I.           Pronouns – Review of personal pronouns – chart



first person






(ā) mē

(ā) nōbis

second person





(ā) tē

(ā) vōbīs

third person





(ā) sē

(ā) sē


II.         Pluperfect Tense – tempus plūsquamperfectum – uses and forms. 

A.         This tense denotes an action or state of being that came before some point in the past, i.e., that something had taken place before something else took place, or that something took place in the past because something else had taken place before that.

B.         Examples (from the Grammatica):

1.          Puer ūmidus erat quod per imbrem ambulāverat – the boy was wet because he had walked through the rain.

2.          Herī magister puerum laudāvit, quia bonus discipulus fuerat: bene recitāverat et scrīpserat, magistrō pāruerat, nec in ludō dormīverat.  Yesterday the teacher praised the boy, because he had been a good student: he had recited and written well, had obeyed the teacher, and had not slept in school.

3.          Mārcus ā patre suō nōn verberātus est, quia in ludō iam bis ā magistrō verberātus erat – Marcus was not beaten by his father, because in school he had already been beaten twice by his teacher.

C.         Formation:

1.          Active – add the imperfect of sum (eram, erās, erat, erāmus, erātis, erant) directly to the perfect stem (found by taking the –isse off the perfect active infinitive).

2.          Passive – use the imperfect of sum (eram, erās, erat, erāmus, erātis, erant) as an auxiliary verb with the perfect passive participle (the supine with first and second declension adjective endings), subject like any adjective to the rule of agreement in number, case and gender with the noun it modifies (in this construction that would of course be the subject - whether nominative or, if in indirect discourse, accusative).

III.       Deponent Verbs – participles; perfect tense; singular imperative

A.         This kind of verb is always passive in form, except for the present participle and the future participle.  Those are formed regularly and have active meanings. 

B.         E.g. present participles: conāns, conāntis = trying; patiēns, patientis = experiencing/suffering; future active participles: conātūrus = about to try; passūrus = about to suffer/experience

C.         As a corollary, you can note that the first periphrastic is available for deponent verbs, with the result that you could say conātūrus sum as an alternative to conābor, or passūrus est  for patiētur.  

D.         The perfect tense is formed with what would be the supine if deponents had them. 

1.          This is just like the perfect passive of regular verbs, which uses the perfect participle with the forms sum, es, est, sumus, estis, & sunt as auxiliary verbs.  Remember that it is the nature of deponent verbs not to have any active forms in the perfect tense.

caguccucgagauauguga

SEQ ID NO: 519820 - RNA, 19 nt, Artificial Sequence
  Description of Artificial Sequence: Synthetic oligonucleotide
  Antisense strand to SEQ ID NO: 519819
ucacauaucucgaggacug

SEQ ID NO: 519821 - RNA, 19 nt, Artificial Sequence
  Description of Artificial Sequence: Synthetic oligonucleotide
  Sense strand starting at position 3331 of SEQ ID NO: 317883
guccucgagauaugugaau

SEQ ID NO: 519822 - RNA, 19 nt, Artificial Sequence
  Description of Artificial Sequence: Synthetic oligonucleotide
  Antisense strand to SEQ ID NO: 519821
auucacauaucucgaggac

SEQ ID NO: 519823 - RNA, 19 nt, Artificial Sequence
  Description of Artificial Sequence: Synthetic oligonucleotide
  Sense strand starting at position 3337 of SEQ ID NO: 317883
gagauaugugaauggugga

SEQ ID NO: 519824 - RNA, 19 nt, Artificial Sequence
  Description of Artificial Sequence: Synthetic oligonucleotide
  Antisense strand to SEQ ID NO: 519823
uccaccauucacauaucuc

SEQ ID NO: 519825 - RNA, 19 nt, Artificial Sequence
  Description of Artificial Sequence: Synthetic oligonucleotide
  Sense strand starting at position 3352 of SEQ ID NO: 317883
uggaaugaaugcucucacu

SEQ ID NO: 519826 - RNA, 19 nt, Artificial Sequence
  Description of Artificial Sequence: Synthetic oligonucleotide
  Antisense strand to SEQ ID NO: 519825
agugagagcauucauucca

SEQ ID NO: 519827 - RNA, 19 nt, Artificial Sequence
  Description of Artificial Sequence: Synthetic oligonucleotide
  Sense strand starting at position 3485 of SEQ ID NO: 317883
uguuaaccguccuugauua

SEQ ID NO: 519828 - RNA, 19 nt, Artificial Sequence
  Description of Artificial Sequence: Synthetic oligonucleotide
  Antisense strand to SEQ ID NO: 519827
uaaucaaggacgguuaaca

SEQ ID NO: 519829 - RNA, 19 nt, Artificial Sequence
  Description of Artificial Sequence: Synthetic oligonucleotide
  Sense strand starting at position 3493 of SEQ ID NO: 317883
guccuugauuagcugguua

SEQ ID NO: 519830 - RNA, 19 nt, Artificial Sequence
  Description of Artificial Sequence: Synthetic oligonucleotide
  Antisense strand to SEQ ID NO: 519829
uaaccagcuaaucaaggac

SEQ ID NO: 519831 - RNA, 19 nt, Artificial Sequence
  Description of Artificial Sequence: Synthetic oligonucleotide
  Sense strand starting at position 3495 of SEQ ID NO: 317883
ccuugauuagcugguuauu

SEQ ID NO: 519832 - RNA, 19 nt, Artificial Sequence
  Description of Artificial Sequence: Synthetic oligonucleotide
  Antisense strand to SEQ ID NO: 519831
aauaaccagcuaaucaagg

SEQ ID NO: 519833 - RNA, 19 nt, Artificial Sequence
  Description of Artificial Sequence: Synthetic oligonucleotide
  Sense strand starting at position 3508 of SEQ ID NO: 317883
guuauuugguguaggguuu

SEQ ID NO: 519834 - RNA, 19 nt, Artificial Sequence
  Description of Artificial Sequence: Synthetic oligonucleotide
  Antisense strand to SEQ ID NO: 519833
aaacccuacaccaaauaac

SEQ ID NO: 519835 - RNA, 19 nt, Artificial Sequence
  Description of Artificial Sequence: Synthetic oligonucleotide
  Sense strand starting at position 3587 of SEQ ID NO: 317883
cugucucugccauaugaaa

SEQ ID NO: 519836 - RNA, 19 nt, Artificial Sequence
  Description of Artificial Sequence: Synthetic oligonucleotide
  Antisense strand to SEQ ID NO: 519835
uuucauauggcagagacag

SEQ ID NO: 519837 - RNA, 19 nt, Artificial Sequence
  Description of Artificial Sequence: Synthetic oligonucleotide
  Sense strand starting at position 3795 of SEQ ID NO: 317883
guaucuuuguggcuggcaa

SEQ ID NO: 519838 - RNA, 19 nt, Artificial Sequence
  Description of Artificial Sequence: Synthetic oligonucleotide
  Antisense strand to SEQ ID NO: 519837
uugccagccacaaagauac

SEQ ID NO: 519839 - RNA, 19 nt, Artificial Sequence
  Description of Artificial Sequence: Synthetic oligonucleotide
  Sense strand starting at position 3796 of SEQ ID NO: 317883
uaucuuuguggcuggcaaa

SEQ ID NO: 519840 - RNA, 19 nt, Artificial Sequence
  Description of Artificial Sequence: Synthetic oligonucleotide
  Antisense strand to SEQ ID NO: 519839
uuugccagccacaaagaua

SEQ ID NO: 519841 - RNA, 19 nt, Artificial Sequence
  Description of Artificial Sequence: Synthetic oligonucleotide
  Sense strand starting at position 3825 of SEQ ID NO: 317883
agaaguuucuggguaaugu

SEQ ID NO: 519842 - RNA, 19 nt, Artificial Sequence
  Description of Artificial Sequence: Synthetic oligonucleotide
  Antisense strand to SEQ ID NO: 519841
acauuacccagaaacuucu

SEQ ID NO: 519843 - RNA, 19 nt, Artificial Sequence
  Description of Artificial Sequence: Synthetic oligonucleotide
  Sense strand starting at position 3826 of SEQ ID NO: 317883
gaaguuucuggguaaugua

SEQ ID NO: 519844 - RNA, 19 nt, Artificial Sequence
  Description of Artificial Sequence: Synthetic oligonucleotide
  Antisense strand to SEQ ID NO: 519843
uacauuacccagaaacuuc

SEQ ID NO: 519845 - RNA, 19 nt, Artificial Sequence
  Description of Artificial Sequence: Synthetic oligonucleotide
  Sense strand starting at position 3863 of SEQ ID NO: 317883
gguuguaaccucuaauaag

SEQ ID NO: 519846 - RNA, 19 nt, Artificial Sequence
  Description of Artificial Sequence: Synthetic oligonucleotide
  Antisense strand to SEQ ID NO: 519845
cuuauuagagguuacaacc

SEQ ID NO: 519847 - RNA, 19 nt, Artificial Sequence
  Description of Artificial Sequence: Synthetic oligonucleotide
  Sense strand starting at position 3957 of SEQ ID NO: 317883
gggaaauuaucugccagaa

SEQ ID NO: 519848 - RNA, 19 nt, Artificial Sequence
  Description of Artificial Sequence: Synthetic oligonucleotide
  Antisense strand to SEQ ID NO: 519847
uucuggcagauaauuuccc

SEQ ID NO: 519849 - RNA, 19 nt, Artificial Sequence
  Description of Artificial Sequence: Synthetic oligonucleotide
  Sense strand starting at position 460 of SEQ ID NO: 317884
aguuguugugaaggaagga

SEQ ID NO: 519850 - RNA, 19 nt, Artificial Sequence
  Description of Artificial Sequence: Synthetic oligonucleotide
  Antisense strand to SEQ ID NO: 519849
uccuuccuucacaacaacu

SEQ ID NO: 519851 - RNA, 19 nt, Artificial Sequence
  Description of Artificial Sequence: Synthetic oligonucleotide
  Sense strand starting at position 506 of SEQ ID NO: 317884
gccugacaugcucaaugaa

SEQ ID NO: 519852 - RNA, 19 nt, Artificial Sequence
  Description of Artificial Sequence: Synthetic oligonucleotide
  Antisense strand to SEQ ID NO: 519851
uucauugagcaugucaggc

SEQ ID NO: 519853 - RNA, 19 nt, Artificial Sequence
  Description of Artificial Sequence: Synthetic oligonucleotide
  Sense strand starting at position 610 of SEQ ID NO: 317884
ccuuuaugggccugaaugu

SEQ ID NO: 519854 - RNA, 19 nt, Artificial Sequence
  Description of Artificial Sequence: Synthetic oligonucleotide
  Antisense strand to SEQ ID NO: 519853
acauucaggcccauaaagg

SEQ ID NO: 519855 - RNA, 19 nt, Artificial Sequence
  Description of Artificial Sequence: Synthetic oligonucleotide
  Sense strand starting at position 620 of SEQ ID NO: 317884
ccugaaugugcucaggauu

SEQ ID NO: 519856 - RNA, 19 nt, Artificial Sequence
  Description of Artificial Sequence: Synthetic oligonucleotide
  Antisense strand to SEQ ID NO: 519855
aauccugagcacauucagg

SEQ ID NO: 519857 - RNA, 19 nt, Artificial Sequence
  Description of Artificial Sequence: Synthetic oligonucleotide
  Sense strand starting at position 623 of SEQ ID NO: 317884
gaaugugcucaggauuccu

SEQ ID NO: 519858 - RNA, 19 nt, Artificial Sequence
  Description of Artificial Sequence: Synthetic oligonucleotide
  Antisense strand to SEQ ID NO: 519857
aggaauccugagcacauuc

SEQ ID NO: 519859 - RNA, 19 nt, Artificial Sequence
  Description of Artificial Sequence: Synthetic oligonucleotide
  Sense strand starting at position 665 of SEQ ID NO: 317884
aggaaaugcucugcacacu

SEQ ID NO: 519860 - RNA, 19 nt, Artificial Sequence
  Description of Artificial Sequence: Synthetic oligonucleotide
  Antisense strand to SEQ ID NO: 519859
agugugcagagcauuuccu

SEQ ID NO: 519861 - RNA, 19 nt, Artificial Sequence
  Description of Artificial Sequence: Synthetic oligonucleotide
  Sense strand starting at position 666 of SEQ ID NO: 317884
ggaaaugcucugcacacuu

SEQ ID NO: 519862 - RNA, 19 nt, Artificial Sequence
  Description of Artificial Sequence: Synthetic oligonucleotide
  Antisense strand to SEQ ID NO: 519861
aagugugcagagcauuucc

2.          E.g., Quīntus surgere conātur becomes in the perfect tense Quīntus surgere conātus est.  Mārcus mentītur becomes Mārcus mentītus est.

3.          Note that these are active in meaning.

E.          Though more fully treated in Chp. 25, we get in this chapter a brief introduction to the singular imperative of deponents.  Quintus dīcit ad versum 40-1: Cōnsōlāre mē, Syra!  Cōnsīde hīc iūxtā lectum et loquere mēcum!  (Cheer me up, Syra!  Sit here next to the bed and chat with me!)

1.          An easy way to think of the singular imperative of deponents is to imagine they have a regular active infinitive.  That is the imperative singular form.

2.          If cōnsōlārī were the passive infinitive of a regular verb – instead of being a deponent – its infinitive would be cōnsōlāre.  This was used as its imperative singular form.

3.          Same thing with the third conjugation deponent verb loquī.  Its imperative is loquere.

4.          Again remember that these are active in meaning.

IV.       Ablative of comparison

A.         Instead of using the adverbial conjunction quam, the second term of the comparison can simply be made in the ablative case.

B.         Examples:

1.          Mārcus pigrior est quam Quīntus = Mārcus prigrior Quīntō est.

2.          ...pēs dexter māior est pede laevō (line 30) = pēs dexter māior est quam pes laevus

3. nōn pēior fuerat cēterīs (line 77) = is nōn pēior fuerat quam cēterī

4.          Is canis lupō ferōcior est (line 90) = is canis est ferōcior quam lupus

5.          Melior sum frātre meō (line 108) = melior sum quam frāter meus

V.         Miscellaneous

A.         nōscere = get to know/learn; therefore, its perfect tense [inf. = nōvisse] = know/be acquainted with

1.          e.g. (lines 57-8) the question of Quintus: Quōmodō Mēdus puellam Rōmānam nōscere potuit? (How could Medus get to know a Roman girl?) can be answered by Syra: Nesciō quōmodō, sed certō sciō eum aliquam fēminam nōvisse. (I do not know how, but I know for sure that he is acquainted with some woman)

B.         Note we have a bunch of adverbs with the –ō ending in this chapter: prīmō (at first), certō (certainly), subitō (suddenly), dēnuō (again), continuō (right away, immediately)